No, but Pasco County in the Tampa area is considered one of the highest lightning capitals in the world. During monsoon season hail and dangerous lightning occurs practically every other day. THat can knock out data easily. I would not be surprised if lightning hits around the facility at least 30 or more times for the summer months.

Virginia gets them too but not so much as it is surrounded by warm 80 degree water on one side in the summer, but not 88 degree water on all 3 sides spawning these thunderstorms.

California obviously would be the best for inclement weather., but has an extremely expensive costs for land, rent, and labor with high taxes and earthquakes.

Re:Hurricanes? (1)

Y.A.A.P. (1252040) | about 2 years ago | (#42637317)

California obviously would be the best for inclement weather., but has an extremely expensive costs for land, rent, and labor with high taxes and earthquakes.

It's not just earthquakes. Taking the state as a whole, California is subject to every natural disaster known to man save for volcanic eruptions. Anybody moving facilities there, when the intent is as close to 100% up-time as possible, is bloody freaking nuts.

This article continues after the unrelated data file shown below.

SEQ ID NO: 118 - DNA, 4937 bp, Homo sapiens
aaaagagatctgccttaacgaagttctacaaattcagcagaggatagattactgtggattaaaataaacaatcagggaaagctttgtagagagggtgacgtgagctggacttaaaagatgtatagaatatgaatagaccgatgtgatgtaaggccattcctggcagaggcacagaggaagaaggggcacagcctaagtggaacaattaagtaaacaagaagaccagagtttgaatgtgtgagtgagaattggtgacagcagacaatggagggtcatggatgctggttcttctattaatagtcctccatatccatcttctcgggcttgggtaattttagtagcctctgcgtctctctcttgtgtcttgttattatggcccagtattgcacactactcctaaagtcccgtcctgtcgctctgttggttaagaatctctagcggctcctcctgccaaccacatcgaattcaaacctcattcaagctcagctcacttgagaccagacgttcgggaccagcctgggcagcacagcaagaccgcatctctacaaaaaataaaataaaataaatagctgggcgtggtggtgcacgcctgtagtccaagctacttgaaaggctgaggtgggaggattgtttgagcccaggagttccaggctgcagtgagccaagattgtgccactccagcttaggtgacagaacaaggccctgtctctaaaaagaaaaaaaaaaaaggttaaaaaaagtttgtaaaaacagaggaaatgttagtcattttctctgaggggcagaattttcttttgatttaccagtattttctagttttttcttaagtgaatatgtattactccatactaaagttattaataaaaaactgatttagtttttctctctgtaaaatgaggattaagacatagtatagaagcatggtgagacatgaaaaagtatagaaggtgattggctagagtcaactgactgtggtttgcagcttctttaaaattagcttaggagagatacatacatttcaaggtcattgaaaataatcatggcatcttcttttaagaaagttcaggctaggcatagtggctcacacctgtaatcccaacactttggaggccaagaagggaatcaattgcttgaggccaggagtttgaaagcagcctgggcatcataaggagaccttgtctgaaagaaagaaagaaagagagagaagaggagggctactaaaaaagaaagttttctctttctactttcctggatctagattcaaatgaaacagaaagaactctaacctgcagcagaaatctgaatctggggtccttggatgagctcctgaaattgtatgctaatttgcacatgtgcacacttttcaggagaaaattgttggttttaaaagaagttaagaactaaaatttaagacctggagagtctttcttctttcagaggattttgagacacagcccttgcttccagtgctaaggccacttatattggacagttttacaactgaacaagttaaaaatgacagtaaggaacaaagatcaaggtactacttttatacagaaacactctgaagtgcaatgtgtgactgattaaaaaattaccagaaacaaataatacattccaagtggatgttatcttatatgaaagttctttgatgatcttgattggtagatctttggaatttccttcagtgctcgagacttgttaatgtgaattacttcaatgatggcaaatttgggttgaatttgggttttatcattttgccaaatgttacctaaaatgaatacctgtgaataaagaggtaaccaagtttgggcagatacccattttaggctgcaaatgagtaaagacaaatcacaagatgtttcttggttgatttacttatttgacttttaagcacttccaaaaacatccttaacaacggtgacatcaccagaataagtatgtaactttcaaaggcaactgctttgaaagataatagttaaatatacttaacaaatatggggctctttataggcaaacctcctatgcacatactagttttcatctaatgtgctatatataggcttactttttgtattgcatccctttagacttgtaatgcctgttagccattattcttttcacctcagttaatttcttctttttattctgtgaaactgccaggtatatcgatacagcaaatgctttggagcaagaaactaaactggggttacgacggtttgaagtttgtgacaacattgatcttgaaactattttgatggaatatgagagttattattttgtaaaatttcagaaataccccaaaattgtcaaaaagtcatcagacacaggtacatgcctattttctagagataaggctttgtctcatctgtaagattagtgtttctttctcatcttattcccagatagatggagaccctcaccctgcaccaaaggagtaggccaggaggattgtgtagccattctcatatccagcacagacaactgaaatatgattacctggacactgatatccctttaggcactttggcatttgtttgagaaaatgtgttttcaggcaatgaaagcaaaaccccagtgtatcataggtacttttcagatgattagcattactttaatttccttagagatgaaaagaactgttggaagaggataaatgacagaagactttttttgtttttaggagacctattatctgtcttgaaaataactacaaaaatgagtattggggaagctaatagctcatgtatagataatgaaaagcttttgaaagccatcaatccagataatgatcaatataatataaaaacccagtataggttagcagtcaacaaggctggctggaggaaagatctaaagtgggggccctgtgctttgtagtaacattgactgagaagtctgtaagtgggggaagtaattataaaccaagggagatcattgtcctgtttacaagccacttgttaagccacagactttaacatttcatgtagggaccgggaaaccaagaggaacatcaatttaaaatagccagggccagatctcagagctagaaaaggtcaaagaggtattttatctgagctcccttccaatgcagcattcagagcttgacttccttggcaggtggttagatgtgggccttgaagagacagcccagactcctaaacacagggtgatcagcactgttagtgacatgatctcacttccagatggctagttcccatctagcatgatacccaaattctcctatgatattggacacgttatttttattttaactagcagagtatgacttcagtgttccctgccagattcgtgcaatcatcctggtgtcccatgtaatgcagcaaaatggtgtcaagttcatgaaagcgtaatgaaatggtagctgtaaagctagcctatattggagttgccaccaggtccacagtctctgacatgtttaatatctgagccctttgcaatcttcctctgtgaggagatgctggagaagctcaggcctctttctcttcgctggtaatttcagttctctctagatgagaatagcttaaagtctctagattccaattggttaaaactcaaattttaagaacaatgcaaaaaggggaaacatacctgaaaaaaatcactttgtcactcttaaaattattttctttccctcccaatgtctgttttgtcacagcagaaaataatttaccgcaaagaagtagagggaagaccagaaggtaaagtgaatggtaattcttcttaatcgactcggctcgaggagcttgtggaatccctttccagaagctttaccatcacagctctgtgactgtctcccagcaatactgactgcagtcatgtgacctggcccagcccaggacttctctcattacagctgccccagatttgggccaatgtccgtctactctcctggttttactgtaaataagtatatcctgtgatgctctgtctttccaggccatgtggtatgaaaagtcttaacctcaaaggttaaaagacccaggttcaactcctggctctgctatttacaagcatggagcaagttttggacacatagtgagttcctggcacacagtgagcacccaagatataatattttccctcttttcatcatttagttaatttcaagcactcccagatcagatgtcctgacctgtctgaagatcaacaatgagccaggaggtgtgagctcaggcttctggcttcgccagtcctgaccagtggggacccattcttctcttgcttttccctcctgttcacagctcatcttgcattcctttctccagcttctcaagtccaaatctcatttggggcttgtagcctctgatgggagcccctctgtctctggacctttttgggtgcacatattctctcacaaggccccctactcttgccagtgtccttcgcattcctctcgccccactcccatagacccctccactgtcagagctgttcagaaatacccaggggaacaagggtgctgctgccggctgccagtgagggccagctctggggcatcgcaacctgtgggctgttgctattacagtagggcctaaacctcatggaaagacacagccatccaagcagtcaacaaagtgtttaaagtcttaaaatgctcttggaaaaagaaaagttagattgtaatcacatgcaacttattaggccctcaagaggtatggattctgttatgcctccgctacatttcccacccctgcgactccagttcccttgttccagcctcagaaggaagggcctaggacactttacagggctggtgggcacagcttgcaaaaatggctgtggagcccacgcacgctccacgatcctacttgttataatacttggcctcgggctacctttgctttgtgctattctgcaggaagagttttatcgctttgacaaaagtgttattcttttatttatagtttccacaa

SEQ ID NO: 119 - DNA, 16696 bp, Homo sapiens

Re:Hurricanes? (1)

k8to (9046) | about 2 years ago | (#42637493)

No, we have volcanoes. See: http://www.nationalatlas.gov/dynamic/dyn_vol-ca.html [nationalatlas.gov]

Just because they haven't been active lately isn't any terribly good guarantee for volcano timescales.

However we are completely lacking in hurricanes, also blizzards (unless you go pretty far up into the mountains), and tornados.

The usual suspects like floods and fires we have, and more than the country's share of earthquakes. Also more than our share of infrastructure issues.

Re:Hurricanes? (1)

RabidReindeer (2625839) | about 2 years ago | (#42639833)